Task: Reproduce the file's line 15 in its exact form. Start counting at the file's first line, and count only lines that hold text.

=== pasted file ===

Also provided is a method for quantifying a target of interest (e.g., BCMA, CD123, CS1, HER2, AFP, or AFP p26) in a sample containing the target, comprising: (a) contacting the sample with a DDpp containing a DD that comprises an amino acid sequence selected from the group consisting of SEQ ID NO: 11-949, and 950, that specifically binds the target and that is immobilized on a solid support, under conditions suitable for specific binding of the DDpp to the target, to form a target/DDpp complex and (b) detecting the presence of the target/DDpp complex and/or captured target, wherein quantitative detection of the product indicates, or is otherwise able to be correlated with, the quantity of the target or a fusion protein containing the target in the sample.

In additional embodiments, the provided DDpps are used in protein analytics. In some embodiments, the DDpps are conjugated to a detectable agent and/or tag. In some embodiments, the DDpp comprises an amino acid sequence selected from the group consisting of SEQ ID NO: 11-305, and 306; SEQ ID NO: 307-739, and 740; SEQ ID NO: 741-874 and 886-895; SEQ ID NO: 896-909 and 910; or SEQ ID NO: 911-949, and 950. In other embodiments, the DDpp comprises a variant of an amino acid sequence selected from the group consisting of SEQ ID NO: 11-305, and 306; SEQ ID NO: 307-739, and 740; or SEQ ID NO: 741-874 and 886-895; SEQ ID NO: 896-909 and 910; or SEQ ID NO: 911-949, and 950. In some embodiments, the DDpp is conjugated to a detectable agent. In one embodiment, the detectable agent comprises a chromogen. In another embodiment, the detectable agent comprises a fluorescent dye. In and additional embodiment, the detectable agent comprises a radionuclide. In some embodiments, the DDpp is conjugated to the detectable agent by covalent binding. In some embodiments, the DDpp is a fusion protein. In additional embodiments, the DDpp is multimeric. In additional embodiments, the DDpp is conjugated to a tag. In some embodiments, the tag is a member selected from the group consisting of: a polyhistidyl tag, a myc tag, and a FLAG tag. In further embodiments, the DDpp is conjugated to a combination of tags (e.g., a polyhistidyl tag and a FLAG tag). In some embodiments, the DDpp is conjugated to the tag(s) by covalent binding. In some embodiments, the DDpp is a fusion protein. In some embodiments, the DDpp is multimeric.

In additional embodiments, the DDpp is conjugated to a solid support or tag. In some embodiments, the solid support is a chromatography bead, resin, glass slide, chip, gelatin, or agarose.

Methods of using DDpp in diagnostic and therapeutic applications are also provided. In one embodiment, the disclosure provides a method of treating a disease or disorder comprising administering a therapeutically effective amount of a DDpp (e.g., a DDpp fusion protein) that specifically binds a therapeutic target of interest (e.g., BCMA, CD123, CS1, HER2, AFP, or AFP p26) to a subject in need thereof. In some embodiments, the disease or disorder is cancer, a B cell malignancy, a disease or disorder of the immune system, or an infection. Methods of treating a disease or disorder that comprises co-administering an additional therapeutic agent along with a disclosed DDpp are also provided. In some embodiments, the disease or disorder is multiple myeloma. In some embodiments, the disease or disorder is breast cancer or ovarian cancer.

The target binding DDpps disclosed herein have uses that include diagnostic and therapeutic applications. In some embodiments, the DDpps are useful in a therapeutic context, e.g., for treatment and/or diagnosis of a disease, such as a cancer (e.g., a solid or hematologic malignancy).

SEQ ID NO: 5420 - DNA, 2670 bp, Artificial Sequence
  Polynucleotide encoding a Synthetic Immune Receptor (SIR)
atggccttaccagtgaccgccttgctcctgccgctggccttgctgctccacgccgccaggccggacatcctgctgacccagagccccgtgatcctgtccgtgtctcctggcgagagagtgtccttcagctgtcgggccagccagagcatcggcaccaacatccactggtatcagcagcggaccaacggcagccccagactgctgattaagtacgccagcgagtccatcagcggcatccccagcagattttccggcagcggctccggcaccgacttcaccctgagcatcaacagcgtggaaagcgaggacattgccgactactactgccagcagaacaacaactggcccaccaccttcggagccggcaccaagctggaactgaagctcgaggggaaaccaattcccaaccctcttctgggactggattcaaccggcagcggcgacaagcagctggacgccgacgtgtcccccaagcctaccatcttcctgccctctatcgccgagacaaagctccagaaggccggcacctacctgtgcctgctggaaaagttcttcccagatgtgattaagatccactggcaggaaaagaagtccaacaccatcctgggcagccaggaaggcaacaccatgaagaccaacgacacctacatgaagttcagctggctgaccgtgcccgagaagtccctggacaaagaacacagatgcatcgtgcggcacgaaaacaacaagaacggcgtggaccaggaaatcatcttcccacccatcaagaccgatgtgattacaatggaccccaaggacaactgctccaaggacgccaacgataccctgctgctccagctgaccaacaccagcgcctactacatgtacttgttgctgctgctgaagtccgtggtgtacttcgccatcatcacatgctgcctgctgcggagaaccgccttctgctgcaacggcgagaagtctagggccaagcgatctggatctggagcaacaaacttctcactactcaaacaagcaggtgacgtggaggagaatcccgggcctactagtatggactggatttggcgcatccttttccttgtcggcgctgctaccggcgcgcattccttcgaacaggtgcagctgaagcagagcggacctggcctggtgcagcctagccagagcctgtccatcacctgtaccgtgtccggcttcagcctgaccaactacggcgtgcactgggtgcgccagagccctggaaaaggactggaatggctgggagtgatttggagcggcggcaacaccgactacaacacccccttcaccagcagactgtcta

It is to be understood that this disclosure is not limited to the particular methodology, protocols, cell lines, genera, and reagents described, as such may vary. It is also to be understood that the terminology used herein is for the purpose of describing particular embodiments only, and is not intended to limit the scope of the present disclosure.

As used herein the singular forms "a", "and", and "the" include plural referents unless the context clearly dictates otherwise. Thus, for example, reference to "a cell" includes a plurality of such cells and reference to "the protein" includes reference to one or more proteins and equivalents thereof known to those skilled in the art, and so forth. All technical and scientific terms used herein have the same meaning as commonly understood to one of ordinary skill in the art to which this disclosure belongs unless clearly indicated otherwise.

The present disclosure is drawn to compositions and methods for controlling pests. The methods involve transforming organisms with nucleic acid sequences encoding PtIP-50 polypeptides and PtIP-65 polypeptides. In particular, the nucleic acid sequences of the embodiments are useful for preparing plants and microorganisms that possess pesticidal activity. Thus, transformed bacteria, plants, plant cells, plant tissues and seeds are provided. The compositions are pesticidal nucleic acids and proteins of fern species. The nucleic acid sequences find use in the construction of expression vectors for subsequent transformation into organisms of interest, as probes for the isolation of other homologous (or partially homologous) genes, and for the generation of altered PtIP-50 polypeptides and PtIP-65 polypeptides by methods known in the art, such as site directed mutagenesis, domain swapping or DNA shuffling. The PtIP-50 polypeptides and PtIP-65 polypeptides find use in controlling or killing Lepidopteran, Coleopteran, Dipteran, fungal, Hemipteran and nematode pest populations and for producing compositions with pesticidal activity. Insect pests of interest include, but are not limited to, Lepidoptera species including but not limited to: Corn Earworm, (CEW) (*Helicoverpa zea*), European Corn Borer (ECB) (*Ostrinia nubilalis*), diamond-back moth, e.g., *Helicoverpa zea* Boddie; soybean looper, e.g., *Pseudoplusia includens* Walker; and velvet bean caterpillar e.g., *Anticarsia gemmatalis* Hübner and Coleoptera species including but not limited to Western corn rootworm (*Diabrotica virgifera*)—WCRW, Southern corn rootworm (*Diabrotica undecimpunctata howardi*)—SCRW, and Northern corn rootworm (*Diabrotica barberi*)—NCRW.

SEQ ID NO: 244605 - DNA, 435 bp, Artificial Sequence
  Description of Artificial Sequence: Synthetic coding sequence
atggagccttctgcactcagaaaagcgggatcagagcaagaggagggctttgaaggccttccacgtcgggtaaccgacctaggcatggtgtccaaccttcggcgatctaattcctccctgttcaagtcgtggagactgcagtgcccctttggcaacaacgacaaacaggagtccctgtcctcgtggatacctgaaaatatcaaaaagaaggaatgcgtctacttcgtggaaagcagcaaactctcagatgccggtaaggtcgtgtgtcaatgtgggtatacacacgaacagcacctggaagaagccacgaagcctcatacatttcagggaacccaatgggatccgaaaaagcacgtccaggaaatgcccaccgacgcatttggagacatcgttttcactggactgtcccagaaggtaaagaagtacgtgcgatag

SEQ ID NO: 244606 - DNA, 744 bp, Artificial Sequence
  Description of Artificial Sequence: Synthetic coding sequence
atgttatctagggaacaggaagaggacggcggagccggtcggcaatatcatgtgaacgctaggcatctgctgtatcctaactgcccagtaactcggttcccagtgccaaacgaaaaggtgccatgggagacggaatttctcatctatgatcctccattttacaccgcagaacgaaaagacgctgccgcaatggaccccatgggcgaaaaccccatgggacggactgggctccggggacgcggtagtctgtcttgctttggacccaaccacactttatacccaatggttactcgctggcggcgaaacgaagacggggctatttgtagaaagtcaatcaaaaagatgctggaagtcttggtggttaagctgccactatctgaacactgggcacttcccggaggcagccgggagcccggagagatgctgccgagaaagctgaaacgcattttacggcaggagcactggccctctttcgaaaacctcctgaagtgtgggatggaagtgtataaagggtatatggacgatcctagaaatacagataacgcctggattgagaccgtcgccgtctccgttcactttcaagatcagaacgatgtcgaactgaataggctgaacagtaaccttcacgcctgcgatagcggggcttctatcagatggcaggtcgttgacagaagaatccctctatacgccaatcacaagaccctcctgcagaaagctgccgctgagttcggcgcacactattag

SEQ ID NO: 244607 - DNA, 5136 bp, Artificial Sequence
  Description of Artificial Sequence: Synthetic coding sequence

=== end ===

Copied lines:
SEQ ID NO: 244606 - DNA, 744 bp, Artificial Sequence